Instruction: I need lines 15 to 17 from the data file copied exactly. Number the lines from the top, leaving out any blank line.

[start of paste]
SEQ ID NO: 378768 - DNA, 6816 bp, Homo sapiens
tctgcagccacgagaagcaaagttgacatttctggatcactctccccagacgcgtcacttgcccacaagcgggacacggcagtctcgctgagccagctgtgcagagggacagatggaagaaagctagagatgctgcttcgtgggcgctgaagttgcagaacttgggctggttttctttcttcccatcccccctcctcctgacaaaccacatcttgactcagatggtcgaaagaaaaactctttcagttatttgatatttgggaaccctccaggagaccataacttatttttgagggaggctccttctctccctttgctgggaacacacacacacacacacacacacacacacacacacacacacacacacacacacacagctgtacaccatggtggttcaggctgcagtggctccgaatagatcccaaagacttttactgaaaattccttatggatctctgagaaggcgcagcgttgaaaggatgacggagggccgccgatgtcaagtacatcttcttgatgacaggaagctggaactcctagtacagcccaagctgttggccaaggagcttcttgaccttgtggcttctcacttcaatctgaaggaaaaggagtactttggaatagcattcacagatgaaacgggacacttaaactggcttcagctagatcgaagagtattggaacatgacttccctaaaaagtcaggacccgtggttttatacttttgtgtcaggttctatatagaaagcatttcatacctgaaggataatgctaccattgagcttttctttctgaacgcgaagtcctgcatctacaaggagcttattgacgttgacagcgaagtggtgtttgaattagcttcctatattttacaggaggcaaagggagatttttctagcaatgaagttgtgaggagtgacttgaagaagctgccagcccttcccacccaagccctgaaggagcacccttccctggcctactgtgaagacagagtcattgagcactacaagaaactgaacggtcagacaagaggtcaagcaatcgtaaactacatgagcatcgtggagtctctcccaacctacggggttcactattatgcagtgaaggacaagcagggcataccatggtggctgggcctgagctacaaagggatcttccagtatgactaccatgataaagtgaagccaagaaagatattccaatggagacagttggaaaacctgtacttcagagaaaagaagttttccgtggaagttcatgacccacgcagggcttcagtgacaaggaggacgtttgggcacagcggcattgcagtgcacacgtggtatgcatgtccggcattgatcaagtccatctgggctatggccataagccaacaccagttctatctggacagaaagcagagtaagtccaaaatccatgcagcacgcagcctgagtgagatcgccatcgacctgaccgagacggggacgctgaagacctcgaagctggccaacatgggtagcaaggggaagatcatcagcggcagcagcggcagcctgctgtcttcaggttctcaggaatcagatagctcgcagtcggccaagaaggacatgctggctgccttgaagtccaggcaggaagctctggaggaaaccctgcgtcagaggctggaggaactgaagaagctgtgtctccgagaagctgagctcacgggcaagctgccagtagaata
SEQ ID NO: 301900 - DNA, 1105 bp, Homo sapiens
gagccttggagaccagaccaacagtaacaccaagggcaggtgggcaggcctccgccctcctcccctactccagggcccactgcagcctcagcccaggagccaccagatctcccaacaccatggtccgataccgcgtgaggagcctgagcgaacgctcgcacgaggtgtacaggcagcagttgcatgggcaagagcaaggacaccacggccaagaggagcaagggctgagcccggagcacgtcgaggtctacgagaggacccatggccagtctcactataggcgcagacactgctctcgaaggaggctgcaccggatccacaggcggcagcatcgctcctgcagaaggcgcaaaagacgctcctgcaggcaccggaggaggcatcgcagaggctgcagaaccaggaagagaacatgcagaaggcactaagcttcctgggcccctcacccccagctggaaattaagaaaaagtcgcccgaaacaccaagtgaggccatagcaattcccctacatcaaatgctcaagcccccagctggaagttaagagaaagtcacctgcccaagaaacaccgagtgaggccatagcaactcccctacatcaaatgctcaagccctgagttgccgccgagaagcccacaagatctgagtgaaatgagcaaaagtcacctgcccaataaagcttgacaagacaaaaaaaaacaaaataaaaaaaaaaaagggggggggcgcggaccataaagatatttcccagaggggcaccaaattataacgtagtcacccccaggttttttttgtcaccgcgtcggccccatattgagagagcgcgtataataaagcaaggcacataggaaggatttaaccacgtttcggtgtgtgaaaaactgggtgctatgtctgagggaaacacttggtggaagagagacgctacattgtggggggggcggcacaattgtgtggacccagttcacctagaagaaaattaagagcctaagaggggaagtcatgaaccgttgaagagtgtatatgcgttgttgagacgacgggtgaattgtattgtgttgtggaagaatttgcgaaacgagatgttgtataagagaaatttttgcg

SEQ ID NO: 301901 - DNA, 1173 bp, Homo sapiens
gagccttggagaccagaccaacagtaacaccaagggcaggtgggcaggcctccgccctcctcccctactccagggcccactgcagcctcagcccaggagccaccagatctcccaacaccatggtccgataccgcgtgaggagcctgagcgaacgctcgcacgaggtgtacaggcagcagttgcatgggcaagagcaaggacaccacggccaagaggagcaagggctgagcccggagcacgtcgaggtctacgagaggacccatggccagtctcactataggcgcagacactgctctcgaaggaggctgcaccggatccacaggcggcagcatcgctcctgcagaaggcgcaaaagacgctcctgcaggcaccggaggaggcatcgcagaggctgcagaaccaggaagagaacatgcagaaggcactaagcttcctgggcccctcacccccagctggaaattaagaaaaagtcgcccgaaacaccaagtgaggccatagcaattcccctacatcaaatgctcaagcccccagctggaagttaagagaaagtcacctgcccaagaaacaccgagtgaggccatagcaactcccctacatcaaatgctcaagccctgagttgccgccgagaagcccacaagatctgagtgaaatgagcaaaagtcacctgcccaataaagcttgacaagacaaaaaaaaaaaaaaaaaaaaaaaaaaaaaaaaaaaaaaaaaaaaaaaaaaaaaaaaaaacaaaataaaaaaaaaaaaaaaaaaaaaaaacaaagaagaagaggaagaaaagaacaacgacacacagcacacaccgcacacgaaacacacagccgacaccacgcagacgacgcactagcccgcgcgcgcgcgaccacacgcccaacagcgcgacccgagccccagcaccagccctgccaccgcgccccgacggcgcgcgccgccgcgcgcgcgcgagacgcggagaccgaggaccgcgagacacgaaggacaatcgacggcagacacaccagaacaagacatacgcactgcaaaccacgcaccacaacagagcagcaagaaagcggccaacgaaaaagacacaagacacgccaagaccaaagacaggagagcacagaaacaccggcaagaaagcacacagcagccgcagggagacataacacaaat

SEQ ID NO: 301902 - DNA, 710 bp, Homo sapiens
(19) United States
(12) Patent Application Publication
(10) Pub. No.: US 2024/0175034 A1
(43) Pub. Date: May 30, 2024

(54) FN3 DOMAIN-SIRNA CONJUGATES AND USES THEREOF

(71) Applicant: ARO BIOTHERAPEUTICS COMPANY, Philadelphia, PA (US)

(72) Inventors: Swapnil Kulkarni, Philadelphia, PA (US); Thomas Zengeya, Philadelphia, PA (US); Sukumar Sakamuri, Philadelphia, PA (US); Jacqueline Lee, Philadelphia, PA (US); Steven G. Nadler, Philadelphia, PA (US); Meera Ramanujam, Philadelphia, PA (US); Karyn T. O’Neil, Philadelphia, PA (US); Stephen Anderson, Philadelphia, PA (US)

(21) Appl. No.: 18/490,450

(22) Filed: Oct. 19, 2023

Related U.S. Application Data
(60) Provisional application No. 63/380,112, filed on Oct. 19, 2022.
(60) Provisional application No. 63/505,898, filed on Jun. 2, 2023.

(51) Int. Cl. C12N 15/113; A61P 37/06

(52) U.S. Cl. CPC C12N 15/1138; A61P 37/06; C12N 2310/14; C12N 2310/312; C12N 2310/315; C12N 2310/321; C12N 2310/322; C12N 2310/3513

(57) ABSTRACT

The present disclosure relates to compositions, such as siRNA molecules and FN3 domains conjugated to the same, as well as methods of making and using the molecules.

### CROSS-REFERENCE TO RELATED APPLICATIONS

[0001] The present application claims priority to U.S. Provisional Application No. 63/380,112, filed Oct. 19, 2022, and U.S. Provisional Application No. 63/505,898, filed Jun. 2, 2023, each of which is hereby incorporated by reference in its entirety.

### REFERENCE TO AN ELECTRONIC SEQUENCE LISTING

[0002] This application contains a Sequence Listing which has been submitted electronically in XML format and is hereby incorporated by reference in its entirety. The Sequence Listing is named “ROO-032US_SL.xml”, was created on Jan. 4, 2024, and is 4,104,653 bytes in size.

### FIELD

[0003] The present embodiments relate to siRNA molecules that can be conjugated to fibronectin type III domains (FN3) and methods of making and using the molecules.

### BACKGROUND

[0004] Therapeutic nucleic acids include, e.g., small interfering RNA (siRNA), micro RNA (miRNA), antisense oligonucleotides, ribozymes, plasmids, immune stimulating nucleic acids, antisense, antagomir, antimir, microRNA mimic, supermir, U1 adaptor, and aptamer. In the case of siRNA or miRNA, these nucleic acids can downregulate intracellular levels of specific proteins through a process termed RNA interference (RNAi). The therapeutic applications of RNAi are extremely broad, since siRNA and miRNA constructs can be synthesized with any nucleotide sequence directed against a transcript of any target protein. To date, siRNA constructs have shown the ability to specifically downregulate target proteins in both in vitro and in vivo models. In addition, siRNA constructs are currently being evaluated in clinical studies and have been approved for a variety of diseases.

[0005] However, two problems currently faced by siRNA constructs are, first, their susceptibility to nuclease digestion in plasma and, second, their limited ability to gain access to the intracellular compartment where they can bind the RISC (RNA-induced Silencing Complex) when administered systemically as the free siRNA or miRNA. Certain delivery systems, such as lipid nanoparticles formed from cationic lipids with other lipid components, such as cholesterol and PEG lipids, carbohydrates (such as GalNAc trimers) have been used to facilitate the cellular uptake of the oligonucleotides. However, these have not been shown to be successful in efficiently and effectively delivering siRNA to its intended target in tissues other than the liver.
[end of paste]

(21) Appl. No.: 18/490,450

(22) Filed: Oct. 19, 2023

Related U.S. Application Data